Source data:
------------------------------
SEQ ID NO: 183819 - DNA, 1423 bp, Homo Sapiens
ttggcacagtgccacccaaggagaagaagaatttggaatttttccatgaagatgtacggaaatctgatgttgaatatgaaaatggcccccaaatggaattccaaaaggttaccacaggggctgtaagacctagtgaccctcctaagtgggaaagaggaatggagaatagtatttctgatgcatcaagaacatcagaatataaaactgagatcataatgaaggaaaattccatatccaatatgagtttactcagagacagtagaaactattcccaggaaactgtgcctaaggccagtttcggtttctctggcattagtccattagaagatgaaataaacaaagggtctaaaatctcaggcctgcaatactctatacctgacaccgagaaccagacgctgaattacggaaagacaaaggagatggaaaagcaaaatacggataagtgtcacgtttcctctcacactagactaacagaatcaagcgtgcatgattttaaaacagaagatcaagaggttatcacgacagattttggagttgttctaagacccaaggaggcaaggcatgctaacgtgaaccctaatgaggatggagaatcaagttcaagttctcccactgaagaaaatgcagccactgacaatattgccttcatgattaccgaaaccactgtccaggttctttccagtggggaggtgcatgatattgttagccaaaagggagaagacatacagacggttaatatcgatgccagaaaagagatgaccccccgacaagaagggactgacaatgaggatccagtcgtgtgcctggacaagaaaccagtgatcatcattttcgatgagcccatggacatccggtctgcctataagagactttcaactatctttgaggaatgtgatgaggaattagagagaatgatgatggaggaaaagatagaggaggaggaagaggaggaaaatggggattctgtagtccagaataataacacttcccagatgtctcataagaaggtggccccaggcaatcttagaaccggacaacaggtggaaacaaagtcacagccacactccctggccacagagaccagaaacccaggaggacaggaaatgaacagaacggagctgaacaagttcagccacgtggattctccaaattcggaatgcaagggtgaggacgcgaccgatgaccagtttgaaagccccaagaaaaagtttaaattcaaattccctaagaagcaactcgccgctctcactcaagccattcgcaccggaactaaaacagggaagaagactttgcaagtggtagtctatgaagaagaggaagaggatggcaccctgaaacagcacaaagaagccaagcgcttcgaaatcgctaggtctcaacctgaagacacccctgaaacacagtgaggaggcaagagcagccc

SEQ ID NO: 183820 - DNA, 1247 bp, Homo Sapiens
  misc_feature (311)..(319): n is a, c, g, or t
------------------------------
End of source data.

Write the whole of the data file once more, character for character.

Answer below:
SEQ ID NO: 183819 - DNA, 1423 bp, Homo Sapiens
ttggcacagtgccacccaaggagaagaagaatttggaatttttccatgaagatgtacggaaatctgatgttgaatatgaaaatggcccccaaatggaattccaaaaggttaccacaggggctgtaagacctagtgaccctcctaagtgggaaagaggaatggagaatagtatttctgatgcatcaagaacatcagaatataaaactgagatcataatgaaggaaaattccatatccaatatgagtttactcagagacagtagaaactattcccaggaaactgtgcctaaggccagtttcggtttctctggcattagtccattagaagatgaaataaacaaagggtctaaaatctcaggcctgcaatactctatacctgacaccgagaaccagacgctgaattacggaaagacaaaggagatggaaaagcaaaatacggataagtgtcacgtttcctctcacactagactaacagaatcaagcgtgcatgattttaaaacagaagatcaagaggttatcacgacagattttggagttgttctaagacccaaggaggcaaggcatgctaacgtgaaccctaatgaggatggagaatcaagttcaagttctcccactgaagaaaatgcagccactgacaatattgccttcatgattaccgaaaccactgtccaggttctttccagtggggaggtgcatgatattgttagccaaaagggagaagacatacagacggttaatatcgatgccagaaaagagatgaccccccgacaagaagggactgacaatgaggatccagtcgtgtgcctggacaagaaaccagtgatcatcattttcgatgagcccatggacatccggtctgcctataagagactttcaactatctttgaggaatgtgatgaggaattagagagaatgatgatggaggaaaagatagaggaggaggaagaggaggaaaatggggattctgtagtccagaataataacacttcccagatgtctcataagaaggtggccccaggcaatcttagaaccggacaacaggtggaaacaaagtcacagccacactccctggccacagagaccagaaacccaggaggacaggaaatgaacagaacggagctgaacaagttcagccacgtggattctccaaattcggaatgcaagggtgaggacgcgaccgatgaccagtttgaaagccccaagaaaaagtttaaattcaaattccctaagaagcaactcgccgctctcactcaagccattcgcaccggaactaaaacagggaagaagactttgcaagtggtagtctatgaagaagaggaagaggatggcaccctgaaacagcacaaagaagccaagcgcttcgaaatcgctaggtctcaacctgaagacacccctgaaacacagtgaggaggcaagagcagccc

SEQ ID NO: 183820 - DNA, 1247 bp, Homo Sapiens
  misc_feature (311)..(319): n is a, c, g, or t